We have been avoiding our favourite walks and following an article in a magazine we decided to visit Briantspuddle, a village close-by. Although we have been here before many years ago I didn't know all about it's history. Do you also find that however long you live somewhere there is always something new to discover?
The name Debenham is well known today for it's department stores and the shop can trace it's origins all the way back to 1778. In 1914 Ernest Debenham bought 3,500 acres in Briantspuddle . His vision was to bring together both the production and selling of products direct from the farm, cutting out the middle man. It is strange to see this idea one hundred years later gaining in popularity again.
The farm buildings and estate cottages were built in the Arts and Craft Style and each cottage had a bathroom, an inside lavatory and a quarter acre garden and a pig pen! As you see the buildings look so attractive. The estate workers must have been so lucky to have such a beautiful home.The major building programme started after the First World War and provided employment and homes which were both in short supply at this time. The cottages still have large back garden,we didn't however notice any pigs! It was lovely to see the grass had been cut in the traditional way and left to dry.
During the 1914 War Ernest appointed his sister Alice as farm manager and she went on to become a co-founder of the Soil Association, which promotes and certifies the growing of organic food. We have always cared passionately about the environment and supporting local producers and were very surprised to discover that this village had been involved in such pioneering agriculture experiments.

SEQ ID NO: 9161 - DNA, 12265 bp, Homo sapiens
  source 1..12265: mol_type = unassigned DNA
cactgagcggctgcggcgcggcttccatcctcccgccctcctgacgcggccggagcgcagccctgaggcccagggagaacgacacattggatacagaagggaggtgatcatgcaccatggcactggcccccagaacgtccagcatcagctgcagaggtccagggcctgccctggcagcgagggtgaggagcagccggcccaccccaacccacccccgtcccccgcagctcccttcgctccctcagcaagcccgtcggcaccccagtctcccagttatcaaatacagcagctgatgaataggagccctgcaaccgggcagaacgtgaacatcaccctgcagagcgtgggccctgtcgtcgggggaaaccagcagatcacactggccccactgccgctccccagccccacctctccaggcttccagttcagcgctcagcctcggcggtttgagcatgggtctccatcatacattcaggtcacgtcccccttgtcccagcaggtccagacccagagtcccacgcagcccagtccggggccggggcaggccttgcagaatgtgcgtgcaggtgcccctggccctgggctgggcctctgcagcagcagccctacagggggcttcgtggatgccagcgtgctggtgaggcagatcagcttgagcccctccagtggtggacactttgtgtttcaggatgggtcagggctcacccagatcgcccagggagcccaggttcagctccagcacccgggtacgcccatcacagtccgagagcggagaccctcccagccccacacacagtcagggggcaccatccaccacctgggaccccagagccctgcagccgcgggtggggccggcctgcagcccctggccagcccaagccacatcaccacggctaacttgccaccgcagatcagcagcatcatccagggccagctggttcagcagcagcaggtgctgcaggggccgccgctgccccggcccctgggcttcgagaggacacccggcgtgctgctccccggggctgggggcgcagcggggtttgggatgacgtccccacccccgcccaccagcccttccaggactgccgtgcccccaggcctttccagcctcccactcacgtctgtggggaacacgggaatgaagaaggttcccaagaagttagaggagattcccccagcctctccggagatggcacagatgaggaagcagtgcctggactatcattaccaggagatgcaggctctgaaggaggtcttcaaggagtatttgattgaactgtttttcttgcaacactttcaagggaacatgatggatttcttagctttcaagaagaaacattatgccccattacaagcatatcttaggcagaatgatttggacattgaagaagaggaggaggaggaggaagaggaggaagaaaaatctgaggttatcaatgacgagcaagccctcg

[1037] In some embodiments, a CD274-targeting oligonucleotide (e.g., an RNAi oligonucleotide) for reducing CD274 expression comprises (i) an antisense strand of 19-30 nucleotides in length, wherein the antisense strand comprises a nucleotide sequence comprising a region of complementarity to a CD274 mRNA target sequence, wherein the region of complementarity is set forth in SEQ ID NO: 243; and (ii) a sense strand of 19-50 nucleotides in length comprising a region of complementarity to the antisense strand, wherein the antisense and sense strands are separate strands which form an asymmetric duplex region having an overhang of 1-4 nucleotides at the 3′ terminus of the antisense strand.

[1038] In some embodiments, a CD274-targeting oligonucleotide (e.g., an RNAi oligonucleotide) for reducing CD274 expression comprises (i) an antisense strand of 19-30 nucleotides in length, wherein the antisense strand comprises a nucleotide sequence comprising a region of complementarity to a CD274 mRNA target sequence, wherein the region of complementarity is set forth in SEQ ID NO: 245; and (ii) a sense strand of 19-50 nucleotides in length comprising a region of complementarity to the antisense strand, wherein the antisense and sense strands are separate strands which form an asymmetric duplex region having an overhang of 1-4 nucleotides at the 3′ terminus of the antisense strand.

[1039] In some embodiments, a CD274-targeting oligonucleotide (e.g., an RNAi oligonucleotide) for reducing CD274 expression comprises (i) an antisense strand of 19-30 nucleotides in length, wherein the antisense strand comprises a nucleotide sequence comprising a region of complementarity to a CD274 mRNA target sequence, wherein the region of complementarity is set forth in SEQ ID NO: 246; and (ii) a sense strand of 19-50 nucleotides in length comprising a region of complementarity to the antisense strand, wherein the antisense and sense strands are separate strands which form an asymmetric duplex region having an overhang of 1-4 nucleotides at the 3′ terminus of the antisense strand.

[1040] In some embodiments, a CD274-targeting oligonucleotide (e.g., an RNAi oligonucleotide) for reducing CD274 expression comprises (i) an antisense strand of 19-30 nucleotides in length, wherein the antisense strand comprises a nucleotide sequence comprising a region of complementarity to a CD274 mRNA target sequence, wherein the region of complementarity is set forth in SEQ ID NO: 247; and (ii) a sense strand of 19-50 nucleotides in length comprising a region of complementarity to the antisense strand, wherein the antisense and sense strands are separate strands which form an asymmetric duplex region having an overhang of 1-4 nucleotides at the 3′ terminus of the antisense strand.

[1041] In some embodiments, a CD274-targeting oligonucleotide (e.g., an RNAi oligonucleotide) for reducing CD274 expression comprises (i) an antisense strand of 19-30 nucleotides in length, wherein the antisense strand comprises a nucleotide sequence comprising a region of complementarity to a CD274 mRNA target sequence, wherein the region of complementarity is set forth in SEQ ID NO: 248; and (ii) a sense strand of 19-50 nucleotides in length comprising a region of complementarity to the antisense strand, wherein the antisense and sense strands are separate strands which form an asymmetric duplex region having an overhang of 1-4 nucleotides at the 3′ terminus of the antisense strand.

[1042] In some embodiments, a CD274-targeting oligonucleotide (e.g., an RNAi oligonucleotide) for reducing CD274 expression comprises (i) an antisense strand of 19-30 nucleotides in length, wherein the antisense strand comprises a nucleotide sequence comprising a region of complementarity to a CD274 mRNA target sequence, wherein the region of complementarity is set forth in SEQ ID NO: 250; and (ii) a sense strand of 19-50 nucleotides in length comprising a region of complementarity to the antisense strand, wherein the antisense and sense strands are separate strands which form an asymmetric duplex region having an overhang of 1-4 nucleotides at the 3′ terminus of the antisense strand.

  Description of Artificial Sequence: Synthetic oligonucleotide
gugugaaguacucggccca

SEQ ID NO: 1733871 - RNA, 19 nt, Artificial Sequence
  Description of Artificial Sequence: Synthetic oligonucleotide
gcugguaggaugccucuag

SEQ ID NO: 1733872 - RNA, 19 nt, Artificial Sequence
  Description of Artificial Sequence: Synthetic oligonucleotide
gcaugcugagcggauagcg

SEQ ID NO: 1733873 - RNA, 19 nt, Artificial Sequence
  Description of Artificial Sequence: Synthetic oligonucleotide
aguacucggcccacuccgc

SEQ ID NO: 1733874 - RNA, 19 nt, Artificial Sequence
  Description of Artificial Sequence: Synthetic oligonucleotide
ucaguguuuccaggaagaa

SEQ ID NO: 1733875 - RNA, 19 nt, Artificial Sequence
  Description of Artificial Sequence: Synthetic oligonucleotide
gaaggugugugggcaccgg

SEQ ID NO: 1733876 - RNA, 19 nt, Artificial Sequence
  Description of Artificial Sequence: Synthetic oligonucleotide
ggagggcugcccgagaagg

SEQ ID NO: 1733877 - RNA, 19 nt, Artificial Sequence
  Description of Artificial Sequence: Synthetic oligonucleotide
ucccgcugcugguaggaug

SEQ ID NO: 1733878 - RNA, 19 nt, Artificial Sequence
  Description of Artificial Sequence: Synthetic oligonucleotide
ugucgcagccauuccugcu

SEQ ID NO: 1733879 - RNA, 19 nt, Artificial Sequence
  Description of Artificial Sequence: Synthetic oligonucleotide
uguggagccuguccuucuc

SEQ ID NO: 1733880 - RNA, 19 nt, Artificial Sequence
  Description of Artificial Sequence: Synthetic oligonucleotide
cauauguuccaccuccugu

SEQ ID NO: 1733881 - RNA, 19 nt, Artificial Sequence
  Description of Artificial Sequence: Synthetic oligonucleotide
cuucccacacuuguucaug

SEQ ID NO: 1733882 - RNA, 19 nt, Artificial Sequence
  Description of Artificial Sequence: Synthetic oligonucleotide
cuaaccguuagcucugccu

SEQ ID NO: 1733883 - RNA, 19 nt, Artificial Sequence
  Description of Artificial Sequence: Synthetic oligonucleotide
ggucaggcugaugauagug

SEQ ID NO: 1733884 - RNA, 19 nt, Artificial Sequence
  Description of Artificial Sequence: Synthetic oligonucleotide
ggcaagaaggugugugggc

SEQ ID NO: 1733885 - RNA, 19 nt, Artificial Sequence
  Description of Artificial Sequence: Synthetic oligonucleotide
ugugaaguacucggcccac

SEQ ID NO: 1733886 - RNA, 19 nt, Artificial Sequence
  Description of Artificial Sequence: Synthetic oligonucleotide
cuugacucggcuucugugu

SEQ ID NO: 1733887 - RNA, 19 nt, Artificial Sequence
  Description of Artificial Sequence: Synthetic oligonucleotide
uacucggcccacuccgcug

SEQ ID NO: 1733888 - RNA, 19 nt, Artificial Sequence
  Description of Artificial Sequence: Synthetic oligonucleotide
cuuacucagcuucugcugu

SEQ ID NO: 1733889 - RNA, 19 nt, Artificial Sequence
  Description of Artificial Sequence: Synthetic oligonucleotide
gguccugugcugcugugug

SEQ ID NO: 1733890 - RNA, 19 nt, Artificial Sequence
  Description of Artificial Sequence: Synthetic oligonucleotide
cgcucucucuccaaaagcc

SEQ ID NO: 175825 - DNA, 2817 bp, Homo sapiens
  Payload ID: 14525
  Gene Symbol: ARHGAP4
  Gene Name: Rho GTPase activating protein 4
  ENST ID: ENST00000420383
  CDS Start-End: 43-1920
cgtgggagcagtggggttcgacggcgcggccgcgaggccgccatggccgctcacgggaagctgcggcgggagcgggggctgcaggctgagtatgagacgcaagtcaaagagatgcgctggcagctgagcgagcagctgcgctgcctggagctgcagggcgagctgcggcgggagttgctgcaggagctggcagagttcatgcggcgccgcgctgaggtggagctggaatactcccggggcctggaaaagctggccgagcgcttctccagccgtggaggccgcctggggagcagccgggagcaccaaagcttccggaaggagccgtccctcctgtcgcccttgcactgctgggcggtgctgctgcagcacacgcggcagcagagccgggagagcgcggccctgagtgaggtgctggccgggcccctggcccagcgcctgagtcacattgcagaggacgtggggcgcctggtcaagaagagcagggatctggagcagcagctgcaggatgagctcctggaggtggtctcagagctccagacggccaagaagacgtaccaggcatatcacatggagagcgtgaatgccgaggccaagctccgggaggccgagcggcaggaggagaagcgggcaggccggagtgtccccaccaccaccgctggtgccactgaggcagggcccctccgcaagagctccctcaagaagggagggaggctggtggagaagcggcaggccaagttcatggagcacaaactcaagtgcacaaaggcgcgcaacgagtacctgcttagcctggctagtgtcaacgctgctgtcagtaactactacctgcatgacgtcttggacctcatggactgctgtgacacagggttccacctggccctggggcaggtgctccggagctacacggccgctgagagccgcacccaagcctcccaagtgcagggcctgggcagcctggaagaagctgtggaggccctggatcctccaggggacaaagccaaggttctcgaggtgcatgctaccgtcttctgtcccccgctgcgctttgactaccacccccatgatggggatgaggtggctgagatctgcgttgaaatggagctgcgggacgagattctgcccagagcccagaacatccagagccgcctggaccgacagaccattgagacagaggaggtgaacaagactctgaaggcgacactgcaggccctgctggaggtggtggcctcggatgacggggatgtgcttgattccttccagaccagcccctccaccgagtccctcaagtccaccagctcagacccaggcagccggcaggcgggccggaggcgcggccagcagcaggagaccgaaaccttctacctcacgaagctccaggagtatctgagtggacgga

There are many signs of autumn appearing all around too!
Our walk took us to the banks of the River Piddle (many of the villages in this location include this river in their name Affpuddle, Turnerspuddle, Tolpuddle, Puddletown! The views across the meadows were equally good.
The village has no church but has a very unusual war memorial which was designed by the printmaker and sculpture artist Eric Gill (1882-1940), who also followed the Art and Crafts Movement. It records the seven men who died in the First World War as well as a further six from the Second World War. It was built from the locally provided Portland stone.
The village hall held an exhibition documenting the history of the village unfortunately it ended the day before we visited here, but this information sheet gives more detailed information and pictures.
I apologise for my lack of comments and visits lately, there is lots going on here at the moment. Thank you for still popping by to visit me.